My favorite movie of 2008 was The Dark Knight, which Michael Caine co-starred as friend and father-figure to the comic book hero who was essentially a vigilante acting after the deaths of people he loved. This British film has a similar setup. The 77-year-old Michael Caine stars as Harry Brown, a man who doesn't don a cape and mask but who does become a vigilante acting after the deaths of someone he loves.
There were quite a few critics who didn't like this movie because of the way it deals or rather doesn't deal with the various social problems it spotlights. My argument is that the Batman movies hardly addressed whatever social problems were inherent. With so many movies about people who become or want to become crime fighters, I thought this one was brilliant in that it puts it in the hands of hte most unlikely of persons, an old man.
Some critics also drew comparisons to Clint Eastwood's Gran Torino. Eastwood's late 2008 hit film was less like a revenge tale or vigilante story as opposed to Harry Brown. Yes, Eastwood and Caine's characters are very similar. Both are senior citizens who have lost their wives. Both are highly trained with guns. Both are victimized by young men in street gangs. Yet, filmmaker Daniel Barber places his Harry Brown in a much more desperate situation and makes the tone a whole lot darker, dirtier and more disgusting.
This is Barber's first feature film. Barber studied graphic design in England where he was born. He has worked in the advertising industry since 1993, directing commercials like Adidas, Sony and the BBC. Barber was nominated for an Oscar for a short film called The Tonto Woman, a 35-minute western based on an Elmore Leonard story. Based on that acclaim, Barber was offered this film and the chance to work with two-time Oscar winner, Michael Caine.
Caine's performance is of course spot on. His Harry Brown goes from depression to aggression very well. He wears world-weary probably like no other. He can express strength and suffering in one scene and have it flow out so sublimely, and it works so well set against the gritty yet contained landscape that Barber photographs. The landscape is a section of South London surrounding an apartment complex, which is a high-rise tower block referred to as "The Estate." The complex is apparently poverty-stricken and of course crime-ridden, filled with drug-dealing and violent young people.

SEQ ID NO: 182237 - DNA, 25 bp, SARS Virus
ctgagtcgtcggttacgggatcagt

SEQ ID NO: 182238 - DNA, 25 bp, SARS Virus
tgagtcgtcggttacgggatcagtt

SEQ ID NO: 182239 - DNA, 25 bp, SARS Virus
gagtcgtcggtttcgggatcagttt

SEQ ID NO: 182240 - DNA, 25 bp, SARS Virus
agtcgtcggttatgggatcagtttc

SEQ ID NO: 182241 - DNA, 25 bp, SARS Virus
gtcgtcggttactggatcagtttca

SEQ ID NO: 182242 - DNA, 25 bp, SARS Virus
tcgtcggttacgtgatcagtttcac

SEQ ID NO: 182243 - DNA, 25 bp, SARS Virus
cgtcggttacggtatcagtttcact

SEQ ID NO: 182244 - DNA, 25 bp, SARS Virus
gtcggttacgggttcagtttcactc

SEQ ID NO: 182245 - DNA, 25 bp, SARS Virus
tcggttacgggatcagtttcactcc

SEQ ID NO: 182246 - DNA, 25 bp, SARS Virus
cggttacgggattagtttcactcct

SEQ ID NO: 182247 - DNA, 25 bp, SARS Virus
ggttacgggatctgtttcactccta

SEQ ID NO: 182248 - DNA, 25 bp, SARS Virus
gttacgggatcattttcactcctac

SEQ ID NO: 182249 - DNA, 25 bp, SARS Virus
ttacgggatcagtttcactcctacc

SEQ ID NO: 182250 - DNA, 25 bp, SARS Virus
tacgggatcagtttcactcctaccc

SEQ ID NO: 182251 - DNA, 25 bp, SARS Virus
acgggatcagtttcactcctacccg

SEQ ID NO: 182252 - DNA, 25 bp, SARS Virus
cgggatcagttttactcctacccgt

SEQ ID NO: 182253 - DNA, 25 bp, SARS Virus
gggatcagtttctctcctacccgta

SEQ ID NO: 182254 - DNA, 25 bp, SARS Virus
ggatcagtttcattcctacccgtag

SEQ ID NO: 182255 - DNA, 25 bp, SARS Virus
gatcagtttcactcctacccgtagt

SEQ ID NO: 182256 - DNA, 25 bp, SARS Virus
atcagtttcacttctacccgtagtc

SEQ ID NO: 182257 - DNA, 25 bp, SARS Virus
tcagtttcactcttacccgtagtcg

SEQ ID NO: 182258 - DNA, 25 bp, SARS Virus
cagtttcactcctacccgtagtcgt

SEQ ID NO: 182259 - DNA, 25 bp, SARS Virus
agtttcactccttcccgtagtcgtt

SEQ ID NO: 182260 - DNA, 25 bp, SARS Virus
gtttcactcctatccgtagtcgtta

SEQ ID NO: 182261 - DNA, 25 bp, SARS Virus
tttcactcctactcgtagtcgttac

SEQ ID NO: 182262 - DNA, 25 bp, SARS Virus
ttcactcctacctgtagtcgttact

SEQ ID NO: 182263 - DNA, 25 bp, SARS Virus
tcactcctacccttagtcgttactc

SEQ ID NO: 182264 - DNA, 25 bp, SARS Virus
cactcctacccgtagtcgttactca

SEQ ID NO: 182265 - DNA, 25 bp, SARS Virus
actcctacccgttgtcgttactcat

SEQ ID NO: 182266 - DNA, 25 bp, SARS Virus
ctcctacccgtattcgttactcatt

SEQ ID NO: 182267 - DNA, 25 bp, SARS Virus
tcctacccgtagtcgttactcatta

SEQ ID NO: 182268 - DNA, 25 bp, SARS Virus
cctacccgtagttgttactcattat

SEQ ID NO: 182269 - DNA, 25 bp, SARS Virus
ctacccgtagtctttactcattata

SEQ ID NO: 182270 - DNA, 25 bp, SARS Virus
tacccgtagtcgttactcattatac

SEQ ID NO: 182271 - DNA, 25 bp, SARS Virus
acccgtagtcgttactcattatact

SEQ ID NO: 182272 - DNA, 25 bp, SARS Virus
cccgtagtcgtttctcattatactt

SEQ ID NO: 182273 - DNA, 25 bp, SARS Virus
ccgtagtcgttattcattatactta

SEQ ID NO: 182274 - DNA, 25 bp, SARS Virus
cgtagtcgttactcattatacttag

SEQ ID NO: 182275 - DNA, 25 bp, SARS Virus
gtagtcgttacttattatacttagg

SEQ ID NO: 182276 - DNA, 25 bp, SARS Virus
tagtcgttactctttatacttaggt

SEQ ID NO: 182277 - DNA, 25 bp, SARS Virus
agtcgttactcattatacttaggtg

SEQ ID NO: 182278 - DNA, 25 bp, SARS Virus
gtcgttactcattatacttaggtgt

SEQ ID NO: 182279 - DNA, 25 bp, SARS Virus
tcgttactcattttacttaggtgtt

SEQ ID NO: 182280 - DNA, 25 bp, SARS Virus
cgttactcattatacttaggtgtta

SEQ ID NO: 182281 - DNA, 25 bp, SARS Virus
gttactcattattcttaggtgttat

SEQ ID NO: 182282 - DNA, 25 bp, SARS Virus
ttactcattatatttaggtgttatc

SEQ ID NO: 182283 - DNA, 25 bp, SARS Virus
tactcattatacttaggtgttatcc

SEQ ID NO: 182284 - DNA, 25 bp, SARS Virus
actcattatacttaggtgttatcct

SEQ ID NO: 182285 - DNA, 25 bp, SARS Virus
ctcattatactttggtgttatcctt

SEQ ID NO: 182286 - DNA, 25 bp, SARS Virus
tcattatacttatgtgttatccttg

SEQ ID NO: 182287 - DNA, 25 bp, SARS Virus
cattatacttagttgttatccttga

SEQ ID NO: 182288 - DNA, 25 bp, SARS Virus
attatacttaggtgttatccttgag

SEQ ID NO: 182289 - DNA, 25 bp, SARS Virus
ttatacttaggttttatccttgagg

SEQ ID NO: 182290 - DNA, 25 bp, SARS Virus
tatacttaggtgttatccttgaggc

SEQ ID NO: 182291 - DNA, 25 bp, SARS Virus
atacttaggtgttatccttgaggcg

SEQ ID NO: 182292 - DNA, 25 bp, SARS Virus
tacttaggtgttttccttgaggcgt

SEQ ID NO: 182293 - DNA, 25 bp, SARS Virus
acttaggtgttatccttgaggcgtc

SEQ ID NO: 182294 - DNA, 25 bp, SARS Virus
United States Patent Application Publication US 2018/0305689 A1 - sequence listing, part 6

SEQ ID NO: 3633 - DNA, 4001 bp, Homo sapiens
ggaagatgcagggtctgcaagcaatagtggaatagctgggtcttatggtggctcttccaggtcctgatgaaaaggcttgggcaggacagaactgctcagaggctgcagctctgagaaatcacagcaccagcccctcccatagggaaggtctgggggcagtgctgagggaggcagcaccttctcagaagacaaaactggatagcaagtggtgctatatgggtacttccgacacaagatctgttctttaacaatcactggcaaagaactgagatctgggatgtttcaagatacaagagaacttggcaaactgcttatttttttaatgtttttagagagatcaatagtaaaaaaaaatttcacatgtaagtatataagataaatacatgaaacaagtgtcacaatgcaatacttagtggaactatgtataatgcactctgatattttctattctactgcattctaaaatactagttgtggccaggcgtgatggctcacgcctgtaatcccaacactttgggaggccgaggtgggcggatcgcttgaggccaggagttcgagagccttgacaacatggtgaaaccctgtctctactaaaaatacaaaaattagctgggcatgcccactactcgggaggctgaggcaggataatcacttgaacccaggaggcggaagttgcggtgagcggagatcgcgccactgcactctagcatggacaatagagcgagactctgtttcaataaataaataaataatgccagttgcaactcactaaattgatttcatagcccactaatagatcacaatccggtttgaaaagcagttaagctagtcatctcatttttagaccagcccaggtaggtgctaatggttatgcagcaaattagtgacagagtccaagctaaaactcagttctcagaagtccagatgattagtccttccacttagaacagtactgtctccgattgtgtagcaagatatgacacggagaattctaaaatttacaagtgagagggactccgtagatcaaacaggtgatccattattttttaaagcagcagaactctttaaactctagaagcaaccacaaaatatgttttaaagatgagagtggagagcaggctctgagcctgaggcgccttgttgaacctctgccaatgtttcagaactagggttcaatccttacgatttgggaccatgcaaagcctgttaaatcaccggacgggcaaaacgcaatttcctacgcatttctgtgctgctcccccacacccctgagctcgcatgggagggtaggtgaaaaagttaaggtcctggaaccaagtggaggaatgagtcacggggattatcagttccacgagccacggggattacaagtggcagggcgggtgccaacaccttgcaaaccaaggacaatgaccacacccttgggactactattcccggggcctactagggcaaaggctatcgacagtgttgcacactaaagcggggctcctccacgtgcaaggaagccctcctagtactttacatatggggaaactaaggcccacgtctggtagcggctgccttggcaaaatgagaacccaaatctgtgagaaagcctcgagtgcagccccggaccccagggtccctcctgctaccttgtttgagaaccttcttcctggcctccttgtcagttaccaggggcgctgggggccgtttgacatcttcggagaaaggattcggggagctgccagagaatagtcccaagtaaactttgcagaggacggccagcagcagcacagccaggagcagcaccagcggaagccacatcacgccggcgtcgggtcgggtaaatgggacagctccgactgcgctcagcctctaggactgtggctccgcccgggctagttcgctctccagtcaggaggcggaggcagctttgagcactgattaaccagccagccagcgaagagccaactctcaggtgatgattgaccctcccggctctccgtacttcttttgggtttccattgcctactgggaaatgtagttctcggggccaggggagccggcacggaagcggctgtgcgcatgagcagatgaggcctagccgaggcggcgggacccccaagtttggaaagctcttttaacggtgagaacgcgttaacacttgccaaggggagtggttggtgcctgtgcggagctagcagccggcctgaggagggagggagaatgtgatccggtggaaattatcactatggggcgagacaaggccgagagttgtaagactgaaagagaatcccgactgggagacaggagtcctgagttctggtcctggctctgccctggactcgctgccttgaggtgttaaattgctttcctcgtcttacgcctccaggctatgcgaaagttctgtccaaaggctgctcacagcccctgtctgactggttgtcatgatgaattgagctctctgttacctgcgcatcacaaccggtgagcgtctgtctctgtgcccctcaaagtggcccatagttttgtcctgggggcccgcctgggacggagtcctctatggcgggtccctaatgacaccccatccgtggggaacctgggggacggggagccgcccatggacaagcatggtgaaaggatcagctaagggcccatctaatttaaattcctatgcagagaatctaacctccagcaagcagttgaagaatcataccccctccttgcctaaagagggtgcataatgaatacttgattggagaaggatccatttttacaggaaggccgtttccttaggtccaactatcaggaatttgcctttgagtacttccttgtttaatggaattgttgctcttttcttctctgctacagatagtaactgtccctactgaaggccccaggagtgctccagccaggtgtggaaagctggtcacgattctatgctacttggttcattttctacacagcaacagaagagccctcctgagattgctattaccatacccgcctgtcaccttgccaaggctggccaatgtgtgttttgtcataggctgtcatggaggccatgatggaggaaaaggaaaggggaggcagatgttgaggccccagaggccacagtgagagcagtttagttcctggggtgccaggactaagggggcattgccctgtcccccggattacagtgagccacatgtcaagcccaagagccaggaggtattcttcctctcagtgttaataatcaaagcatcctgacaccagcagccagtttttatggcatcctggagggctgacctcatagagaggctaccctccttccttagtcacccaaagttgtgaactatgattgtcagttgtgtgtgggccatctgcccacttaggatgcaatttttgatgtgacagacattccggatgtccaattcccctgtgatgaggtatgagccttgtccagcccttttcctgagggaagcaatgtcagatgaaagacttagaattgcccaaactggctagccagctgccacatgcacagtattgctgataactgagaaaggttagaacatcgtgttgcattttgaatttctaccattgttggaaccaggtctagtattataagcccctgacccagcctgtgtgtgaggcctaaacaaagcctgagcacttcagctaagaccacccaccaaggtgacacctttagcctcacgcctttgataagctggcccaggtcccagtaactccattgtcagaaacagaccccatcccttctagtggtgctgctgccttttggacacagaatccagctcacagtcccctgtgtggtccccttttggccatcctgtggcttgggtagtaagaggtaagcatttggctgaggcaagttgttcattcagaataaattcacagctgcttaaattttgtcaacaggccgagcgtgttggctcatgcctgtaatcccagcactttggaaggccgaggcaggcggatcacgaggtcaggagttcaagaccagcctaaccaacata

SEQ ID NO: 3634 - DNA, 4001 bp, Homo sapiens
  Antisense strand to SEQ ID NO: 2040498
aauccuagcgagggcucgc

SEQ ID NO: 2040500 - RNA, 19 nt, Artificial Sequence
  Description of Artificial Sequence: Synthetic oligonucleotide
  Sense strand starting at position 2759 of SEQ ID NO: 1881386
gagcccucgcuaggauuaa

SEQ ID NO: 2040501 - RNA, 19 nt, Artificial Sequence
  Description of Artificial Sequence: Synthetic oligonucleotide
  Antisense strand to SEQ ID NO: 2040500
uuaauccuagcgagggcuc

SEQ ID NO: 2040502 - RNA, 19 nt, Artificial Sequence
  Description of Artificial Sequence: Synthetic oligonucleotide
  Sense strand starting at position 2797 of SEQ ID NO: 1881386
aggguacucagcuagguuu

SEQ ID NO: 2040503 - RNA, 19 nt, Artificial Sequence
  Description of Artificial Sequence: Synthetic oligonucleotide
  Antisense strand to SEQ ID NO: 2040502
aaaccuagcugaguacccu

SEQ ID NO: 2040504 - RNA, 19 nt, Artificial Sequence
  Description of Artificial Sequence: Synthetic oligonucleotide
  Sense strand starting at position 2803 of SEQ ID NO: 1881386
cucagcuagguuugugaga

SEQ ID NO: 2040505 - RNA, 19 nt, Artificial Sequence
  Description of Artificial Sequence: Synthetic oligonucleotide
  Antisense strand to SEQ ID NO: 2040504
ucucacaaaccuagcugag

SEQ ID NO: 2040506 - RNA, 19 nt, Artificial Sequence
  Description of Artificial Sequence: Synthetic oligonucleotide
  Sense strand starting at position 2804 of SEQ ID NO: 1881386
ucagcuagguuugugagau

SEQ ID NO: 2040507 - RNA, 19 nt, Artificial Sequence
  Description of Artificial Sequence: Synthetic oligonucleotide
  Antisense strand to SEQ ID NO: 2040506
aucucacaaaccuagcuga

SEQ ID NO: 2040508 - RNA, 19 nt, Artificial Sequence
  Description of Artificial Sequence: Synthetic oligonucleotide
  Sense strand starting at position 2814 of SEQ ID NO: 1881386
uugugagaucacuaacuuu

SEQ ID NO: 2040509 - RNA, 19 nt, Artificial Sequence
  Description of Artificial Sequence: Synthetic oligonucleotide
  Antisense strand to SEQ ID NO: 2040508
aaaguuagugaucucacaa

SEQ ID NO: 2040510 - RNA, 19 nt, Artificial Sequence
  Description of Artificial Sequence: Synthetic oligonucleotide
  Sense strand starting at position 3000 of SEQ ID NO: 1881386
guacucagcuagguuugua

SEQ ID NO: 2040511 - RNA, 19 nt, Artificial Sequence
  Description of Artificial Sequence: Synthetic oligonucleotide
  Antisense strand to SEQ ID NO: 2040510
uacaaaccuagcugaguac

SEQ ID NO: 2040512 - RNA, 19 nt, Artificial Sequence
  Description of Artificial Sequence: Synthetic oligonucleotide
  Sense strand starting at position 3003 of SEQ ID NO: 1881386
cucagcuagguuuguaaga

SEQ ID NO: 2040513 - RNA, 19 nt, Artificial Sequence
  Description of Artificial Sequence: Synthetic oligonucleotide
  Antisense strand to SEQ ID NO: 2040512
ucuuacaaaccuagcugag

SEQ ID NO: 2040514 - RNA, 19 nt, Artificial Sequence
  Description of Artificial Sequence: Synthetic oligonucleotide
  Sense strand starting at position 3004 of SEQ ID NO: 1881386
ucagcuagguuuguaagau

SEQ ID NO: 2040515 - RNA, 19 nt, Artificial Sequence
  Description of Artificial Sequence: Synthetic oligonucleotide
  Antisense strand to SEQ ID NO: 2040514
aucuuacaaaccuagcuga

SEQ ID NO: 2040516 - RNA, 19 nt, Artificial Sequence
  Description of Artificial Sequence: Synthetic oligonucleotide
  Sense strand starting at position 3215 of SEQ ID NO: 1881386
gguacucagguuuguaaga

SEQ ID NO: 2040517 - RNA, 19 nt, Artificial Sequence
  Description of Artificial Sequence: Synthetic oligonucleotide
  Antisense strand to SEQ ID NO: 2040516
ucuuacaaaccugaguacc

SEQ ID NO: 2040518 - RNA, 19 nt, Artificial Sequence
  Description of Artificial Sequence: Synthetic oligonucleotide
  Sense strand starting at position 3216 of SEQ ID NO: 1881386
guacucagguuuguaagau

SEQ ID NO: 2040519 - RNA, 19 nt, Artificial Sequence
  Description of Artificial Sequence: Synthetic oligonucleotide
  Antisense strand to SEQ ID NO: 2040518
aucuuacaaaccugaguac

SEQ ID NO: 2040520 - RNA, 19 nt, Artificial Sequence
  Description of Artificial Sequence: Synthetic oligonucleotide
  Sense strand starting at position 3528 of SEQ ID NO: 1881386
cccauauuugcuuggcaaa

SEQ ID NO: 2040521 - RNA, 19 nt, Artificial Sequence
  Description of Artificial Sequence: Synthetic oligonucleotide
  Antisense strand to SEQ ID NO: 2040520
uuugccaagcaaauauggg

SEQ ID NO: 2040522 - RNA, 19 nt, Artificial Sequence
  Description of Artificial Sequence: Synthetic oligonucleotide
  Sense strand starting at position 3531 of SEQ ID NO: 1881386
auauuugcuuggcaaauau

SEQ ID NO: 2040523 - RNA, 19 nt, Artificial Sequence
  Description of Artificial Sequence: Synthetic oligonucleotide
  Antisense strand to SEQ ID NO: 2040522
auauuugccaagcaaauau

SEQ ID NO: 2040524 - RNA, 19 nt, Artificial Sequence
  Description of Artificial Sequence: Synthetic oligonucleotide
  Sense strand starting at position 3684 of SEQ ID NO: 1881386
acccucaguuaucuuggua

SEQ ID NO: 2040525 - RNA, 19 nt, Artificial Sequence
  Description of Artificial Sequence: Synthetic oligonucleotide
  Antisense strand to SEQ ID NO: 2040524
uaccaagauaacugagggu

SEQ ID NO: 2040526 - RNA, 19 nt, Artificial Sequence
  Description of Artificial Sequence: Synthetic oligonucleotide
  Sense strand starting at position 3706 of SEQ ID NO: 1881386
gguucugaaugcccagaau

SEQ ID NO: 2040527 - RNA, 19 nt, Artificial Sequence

One such drug-dealing and violent young person is Noel Winters, played by Ben Drew. Ben Drew is probably not well-known in the United States, but, in the United Kingdom, Ben Drew is known as the British Eminem, except he experiments with various music styles and is a far better singer. Drew performs music under the name Plan B and has received much critical success. Drew even contributes as song to this movie's soundtrack that shows his amazing musical talents.
Mainly, Drew shows us though his remarkable acting talents. Drew shines in an intense, police interrogation scene that seems rather innocuous and almost predictable. Yet, Barber doesn't simply downplay the scene. He dedicates considerable time to it, and somehow manages to escalate the combative nature until you're no longer watching people sitting across each other in a bare room talking but instead watching a kind of knock-down-drag-out, verbal game of checkers.
The scene climaxes with a fevered monologue from Ben Drew that leaves one awestruck. Barber coaxes a punchful performance out of him. Emily Mortimer (Scream 3 and Match Point) is also in that scene. She plays Alice, the police interrogator who suspects both Noel Winters and Harry Brown. She is aware of the problems and her organization's inability to find true justice. She represents empathy and compassion in an environment where it's lacking.
Five Stars out of Five Rated R for strong violence and language, drug use and sexual content Running Time: 1 hr. and 43 mins.